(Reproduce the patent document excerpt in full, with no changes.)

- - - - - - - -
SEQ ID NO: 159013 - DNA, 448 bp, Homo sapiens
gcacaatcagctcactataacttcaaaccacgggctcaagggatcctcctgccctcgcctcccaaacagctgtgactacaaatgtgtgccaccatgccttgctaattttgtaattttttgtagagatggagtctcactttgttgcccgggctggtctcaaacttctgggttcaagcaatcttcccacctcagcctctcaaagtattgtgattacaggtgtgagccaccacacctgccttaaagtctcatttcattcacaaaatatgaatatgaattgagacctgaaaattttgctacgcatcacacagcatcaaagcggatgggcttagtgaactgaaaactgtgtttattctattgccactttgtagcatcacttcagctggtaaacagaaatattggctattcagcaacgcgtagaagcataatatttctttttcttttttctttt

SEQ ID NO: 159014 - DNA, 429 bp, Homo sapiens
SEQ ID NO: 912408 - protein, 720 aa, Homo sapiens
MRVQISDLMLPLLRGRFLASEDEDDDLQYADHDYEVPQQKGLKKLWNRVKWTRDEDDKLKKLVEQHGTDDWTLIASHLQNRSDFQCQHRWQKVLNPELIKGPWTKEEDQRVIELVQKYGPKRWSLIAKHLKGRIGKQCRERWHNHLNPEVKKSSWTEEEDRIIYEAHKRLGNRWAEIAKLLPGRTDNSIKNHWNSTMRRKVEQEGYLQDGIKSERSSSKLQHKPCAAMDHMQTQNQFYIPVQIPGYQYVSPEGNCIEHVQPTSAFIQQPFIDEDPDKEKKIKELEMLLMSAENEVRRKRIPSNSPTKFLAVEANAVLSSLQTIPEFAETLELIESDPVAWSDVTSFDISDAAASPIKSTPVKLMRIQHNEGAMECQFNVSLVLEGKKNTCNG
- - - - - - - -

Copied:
SEQ ID NO: 159013 - DNA, 448 bp, Homo sapiens
gcacaatcagctcactataacttcaaaccacgggctcaagggatcctcctgccctcgcctcccaaacagctgtgactacaaatgtgtgccaccatgccttgctaattttgtaattttttgtagagatggagtctcactttgttgcccgggctggtctcaaacttctgggttcaagcaatcttcccacctcagcctctcaaagtattgtgattacaggtgtgagccaccacacctgccttaaagtctcatttcattcacaaaatatgaatatgaattgagacctgaaaattttgctacgcatcacacagcatcaaagcggatgggcttagtgaactgaaaactgtgtttattctattgccactttgtagcatcacttcagctggtaaacagaaatattggctattcagcaacgcgtagaagcataatatttctttttcttttttctttt

SEQ ID NO: 159014 - DNA, 429 bp, Homo sapiens
SEQ ID NO: 912408 - protein, 720 aa, Homo sapiens
MRVQISDLMLPLLRGRFLASEDEDDDLQYADHDYEVPQQKGLKKLWNRVKWTRDEDDKLKKLVEQHGTDDWTLIASHLQNRSDFQCQHRWQKVLNPELIKGPWTKEEDQRVIELVQKYGPKRWSLIAKHLKGRIGKQCRERWHNHLNPEVKKSSWTEEEDRIIYEAHKRLGNRWAEIAKLLPGRTDNSIKNHWNSTMRRKVEQEGYLQDGIKSERSSSKLQHKPCAAMDHMQTQNQFYIPVQIPGYQYVSPEGNCIEHVQPTSAFIQQPFIDEDPDKEKKIKELEMLLMSAENEVRRKRIPSNSPTKFLAVEANAVLSSLQTIPEFAETLELIESDPVAWSDVTSFDISDAAASPIKSTPVKLMRIQHNEGAMECQFNVSLVLEGKKNTCNG